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Star Trek: Voyager – Retrospect (Review)

Star Trek: Voyager is a very nineties show. Sometimes that is endearing. Sometimes it is not.

Retrospect is an episode that made a great deal more sense in the context of the nineties. It was still troublesome and reactionary, structuring its central allegory in a way that was deeply problematic. However, Retrospect made a certain amount of sense when considered in light of the McMartin Preschool scandal and the satanic panic driven by regression hypnosis in the early part of the decade. Retrospect is very clearly an attempt to turn that talking point into a twenty-fourth century allegory about witch hunts and persecution.

Assimilate this…

However, there are a number of poor choices made over the course of the episode. The most obvious is build the episode around the character of Seven of Nine. There are any number of reasons why this would be written as a Seven of Nine episode, given that she is the breakout character of the fourth season. However, episodes like The Gift and The Raven have made a conscious effort to portray Seven of Nine as an abuse surviving living with genuine trauma. To put her at the centre of an episode about false allegations of abuse feels ill-judged.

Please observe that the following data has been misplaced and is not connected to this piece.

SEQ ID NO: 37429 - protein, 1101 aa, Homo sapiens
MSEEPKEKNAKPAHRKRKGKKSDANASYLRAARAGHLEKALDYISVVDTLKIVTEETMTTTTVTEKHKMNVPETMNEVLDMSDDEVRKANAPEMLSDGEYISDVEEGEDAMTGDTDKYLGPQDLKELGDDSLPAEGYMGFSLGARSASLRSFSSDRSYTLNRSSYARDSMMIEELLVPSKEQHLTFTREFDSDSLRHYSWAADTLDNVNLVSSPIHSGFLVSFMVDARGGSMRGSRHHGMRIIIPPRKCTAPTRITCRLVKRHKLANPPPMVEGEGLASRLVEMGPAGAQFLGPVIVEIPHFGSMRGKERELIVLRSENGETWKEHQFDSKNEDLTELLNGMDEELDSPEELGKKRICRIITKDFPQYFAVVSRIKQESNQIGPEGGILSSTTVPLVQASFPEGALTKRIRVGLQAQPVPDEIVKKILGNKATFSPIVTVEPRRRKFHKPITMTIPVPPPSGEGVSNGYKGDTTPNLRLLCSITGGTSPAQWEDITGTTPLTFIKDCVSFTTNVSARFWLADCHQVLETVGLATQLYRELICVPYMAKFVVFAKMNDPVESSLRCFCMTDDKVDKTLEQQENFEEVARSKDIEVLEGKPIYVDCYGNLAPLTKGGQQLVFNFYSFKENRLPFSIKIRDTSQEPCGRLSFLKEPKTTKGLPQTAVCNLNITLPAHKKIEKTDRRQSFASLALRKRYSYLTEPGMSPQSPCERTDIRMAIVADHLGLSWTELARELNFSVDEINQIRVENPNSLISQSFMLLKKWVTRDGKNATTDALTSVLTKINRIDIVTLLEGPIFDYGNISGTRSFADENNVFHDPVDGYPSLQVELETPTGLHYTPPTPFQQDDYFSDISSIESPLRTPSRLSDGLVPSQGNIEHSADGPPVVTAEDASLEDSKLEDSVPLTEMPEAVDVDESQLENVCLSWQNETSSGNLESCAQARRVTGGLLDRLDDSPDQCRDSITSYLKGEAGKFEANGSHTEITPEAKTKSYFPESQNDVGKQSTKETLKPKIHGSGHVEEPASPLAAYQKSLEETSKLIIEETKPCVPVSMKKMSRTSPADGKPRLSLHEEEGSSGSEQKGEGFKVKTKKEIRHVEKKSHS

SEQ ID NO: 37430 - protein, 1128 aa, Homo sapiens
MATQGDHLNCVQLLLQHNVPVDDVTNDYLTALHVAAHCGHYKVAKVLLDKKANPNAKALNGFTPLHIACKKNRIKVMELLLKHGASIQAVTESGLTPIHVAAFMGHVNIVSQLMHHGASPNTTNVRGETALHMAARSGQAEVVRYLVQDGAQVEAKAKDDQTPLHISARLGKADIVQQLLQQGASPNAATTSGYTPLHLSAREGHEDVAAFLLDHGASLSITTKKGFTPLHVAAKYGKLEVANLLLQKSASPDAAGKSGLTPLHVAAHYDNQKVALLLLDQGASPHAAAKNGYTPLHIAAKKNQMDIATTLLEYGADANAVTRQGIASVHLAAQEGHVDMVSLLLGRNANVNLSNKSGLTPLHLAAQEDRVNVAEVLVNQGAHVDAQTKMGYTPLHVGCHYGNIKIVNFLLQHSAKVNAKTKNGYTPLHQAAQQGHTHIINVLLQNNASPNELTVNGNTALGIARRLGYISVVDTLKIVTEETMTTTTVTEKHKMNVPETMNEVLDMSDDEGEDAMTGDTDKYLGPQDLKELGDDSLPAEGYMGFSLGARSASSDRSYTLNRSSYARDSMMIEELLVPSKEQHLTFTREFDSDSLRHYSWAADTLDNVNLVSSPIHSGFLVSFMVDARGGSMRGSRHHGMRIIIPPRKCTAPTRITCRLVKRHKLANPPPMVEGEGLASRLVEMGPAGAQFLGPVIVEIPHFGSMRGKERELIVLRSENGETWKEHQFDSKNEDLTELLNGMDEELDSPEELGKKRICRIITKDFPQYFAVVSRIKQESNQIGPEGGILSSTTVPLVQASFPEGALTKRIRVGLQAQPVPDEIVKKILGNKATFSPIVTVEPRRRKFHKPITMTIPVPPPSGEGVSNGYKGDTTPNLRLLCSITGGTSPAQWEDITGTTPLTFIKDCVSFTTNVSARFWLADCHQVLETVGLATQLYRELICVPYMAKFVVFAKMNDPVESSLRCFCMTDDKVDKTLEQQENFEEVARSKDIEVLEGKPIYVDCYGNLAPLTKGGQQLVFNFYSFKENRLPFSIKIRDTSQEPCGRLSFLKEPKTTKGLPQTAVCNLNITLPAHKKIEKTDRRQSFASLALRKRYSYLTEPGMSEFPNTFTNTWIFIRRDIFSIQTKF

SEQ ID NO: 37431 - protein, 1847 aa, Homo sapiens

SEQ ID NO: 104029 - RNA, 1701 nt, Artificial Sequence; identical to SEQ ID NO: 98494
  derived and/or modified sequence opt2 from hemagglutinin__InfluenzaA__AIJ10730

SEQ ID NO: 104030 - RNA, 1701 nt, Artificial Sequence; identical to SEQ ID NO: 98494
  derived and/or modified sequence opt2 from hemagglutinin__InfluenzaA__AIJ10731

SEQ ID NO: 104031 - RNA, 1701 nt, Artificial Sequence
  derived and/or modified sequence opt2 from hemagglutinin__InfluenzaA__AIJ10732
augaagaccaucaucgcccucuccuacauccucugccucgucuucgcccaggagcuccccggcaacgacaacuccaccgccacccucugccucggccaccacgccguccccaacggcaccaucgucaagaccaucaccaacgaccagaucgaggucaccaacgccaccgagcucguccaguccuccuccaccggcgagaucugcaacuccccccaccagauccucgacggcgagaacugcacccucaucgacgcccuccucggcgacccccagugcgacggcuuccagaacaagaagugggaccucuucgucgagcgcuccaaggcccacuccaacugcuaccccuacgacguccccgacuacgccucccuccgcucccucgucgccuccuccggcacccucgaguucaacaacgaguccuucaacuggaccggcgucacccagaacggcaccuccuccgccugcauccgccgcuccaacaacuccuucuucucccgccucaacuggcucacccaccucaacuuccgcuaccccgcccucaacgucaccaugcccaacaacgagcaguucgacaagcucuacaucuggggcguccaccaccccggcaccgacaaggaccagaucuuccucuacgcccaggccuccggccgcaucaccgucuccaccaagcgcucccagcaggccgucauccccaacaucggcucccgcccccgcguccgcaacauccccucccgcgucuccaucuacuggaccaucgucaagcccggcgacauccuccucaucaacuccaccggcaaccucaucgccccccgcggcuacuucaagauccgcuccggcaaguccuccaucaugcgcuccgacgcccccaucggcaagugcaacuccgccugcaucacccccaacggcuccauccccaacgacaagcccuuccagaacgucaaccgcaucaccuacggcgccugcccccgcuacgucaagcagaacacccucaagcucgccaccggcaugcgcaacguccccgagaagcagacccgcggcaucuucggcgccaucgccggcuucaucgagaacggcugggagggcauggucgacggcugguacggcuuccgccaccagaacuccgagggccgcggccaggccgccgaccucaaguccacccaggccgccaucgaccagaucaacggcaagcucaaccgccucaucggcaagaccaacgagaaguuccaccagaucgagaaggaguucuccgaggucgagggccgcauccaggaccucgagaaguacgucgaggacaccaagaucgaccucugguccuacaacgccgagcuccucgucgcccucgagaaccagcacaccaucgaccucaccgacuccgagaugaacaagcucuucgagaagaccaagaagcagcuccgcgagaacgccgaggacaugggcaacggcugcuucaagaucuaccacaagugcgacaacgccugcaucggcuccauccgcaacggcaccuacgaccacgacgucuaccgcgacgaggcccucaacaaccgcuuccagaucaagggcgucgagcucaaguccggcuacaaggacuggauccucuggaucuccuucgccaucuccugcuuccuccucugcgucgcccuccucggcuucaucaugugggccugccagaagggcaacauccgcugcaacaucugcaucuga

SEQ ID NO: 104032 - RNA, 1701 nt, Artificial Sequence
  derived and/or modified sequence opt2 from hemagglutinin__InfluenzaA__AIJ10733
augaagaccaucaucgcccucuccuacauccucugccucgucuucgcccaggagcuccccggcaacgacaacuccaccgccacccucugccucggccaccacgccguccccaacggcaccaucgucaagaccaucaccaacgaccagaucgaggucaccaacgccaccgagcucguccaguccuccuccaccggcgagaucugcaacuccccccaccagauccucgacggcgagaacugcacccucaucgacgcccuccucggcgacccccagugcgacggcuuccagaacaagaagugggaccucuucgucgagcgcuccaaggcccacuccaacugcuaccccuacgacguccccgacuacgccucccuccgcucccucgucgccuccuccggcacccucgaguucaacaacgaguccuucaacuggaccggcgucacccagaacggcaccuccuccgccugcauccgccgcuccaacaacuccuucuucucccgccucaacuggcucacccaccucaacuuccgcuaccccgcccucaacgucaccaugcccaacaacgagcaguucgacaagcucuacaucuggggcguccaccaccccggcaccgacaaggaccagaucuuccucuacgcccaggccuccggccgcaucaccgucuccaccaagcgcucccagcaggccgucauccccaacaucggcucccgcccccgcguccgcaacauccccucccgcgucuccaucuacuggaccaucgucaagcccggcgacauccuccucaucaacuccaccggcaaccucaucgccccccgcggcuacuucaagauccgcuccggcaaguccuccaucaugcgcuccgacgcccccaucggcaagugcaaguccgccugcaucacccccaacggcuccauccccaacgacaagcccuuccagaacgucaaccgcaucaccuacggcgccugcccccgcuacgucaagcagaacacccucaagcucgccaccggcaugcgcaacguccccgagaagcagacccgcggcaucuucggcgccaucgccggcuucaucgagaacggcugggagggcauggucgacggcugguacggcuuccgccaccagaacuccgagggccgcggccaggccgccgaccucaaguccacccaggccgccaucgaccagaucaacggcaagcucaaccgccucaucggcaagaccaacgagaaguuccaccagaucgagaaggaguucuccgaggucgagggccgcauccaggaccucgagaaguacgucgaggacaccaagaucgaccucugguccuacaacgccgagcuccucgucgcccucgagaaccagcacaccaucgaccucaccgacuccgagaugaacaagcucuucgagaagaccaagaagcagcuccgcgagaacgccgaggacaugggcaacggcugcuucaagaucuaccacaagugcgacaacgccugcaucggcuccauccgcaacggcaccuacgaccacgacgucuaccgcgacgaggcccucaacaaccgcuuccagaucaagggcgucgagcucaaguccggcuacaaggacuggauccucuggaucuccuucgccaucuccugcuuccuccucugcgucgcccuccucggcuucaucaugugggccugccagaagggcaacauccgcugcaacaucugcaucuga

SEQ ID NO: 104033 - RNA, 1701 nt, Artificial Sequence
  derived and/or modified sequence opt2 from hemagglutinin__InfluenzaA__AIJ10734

Similarly, the emphasis on the subject of these accusations and his ruined life feels more than a little tone-deaf, even in the context the nineties satanic panic. Retrospect is not an episode about Seven of Nine processing abuse or even coping with distorted memories. It is ultimately the story about how the falsified accusations of abuse (from a character who is a verified abuse victim) can serve to destroy the lives of innocent men. Indeed, the emphasis on the EMH as a proxy for Seven of Nine downplays her own agency in this plot.

Memory Beta.

These aspects are troubling even in the context of an episode about the dangers of using hypnotherapy as the basis of these charges. However, the scandal has slipped from public consciousness in the years since Retrospect was initially broadcast. When the audience hears about women false accusations against men, it evokes the long-standing myth that men are frequent victims of falsified reports about sexual assault that ruin lives. This was creepy and uncomfortable subtext was obvious at time of broadcast, but has only become more pronounced in the years since.

Retrospect would have been a very clumsy and ill-judged allegory in the context of the mid-to-late-nineties. Decades removed from that original context, it seems almost reprehensible.